What to do when schools push back on utilizing Tools for Schools componets because of resource capacity? (i.e., staffing hours)

What can we do when schools push back on owning this issue of mangaing/reducing/limiting asthma triggers, creating indoor air quality teams or taking on yet another compontent with out funding support, or resource capacity, when they already have another slew of actual mandates that they are struggling to adhere to.

We can provide training, but ultimately they need to own it. That's where we are stuggling. Its not that they don't think it is important, but there are just so many other things that are important as well (some funded, some not), but are actual federal or state requirements that take much higher precedence.

A couple of thoughts - first the award helped tremendously.  Also the NJPEOSH Indoor Air Quality Designated Person requirement had a huge impact because in public facilities they have to have someone trained to be accountable for implementing regulations.  Superintendents take those regulations seroiusly.  We also found that teachers were very responsovie to reducing exposure to asthma triggers.  They didn't realize what triggered asthma and we have a study that showed nearly half the school nurses responded with specific actions their teachers had taken following the training.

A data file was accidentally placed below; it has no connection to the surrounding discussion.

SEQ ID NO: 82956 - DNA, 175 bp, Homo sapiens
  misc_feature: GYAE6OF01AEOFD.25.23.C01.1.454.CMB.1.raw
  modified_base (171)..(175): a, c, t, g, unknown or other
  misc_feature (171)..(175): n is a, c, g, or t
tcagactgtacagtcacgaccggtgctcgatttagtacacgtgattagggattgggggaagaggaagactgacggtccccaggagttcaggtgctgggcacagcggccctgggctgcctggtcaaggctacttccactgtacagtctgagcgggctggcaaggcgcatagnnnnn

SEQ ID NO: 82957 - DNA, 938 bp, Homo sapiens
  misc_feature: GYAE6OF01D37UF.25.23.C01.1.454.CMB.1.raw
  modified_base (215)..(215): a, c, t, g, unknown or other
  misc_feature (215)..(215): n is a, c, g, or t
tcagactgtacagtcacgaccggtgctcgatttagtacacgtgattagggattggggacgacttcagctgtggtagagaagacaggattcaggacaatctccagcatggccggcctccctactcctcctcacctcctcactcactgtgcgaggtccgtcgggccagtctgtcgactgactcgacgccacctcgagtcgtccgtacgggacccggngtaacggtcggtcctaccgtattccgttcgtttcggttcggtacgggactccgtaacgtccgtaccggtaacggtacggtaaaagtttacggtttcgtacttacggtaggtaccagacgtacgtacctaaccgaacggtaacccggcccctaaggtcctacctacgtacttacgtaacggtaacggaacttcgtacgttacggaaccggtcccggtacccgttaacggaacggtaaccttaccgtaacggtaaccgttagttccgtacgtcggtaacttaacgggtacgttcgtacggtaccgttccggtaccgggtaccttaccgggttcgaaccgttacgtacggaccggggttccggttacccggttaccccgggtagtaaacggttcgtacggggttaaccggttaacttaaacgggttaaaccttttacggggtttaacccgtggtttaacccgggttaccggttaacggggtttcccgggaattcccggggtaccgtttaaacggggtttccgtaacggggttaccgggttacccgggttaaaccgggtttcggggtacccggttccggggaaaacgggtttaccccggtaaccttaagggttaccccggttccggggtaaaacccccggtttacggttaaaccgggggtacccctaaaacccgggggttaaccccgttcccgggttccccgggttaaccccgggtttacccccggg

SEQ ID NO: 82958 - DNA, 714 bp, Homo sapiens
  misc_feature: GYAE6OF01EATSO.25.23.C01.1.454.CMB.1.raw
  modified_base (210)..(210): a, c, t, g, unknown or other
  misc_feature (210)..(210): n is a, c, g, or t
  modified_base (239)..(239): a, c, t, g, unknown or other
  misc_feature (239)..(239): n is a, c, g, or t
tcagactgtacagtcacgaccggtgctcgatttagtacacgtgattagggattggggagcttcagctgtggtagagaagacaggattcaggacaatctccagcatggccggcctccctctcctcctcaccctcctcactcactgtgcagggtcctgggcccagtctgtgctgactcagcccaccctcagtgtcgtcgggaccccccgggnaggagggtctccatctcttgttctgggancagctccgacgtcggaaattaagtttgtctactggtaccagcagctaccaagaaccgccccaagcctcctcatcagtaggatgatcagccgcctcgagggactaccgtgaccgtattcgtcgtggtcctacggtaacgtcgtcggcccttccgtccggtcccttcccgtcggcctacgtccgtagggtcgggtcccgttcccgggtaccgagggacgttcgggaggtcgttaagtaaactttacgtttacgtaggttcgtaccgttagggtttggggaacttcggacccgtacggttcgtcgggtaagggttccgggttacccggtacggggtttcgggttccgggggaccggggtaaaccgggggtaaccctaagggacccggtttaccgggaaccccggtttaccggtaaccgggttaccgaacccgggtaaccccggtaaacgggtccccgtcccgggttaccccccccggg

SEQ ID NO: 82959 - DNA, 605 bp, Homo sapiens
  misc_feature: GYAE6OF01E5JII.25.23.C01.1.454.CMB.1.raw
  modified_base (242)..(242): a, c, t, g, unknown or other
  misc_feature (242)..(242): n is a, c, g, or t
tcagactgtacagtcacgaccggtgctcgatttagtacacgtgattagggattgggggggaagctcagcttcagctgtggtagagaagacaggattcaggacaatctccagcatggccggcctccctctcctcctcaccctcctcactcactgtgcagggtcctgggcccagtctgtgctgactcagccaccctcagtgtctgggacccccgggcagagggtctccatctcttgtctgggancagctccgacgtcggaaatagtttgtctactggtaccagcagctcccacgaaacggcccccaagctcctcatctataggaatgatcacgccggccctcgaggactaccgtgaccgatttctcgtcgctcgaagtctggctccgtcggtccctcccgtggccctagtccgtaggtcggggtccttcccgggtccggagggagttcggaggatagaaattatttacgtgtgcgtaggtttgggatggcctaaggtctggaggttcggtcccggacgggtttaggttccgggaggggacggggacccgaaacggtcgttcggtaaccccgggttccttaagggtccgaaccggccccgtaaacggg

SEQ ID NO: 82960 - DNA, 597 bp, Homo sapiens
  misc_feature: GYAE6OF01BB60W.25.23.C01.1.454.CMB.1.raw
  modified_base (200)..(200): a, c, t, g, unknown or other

There are lots of resources at IAQTFS site - discussions by award winning districts on how it saved them time and money.

The same as with the nurses visits - if you cut down the number of IAQ complaints ( which does happen) your maintenenace staff can focus more on preventative items, which saves money in the long run.   

The award winners in  many cases showed how they saved money.

Also - the work in Newark, explaining to the maintenance staff how their jobs impacted asthma really did get them to own it.  Look for the hook for the district you are trying to reach.  Less absences, higher test scores, less staff turnover and someone will likely have data and or a narrative to help you make the case.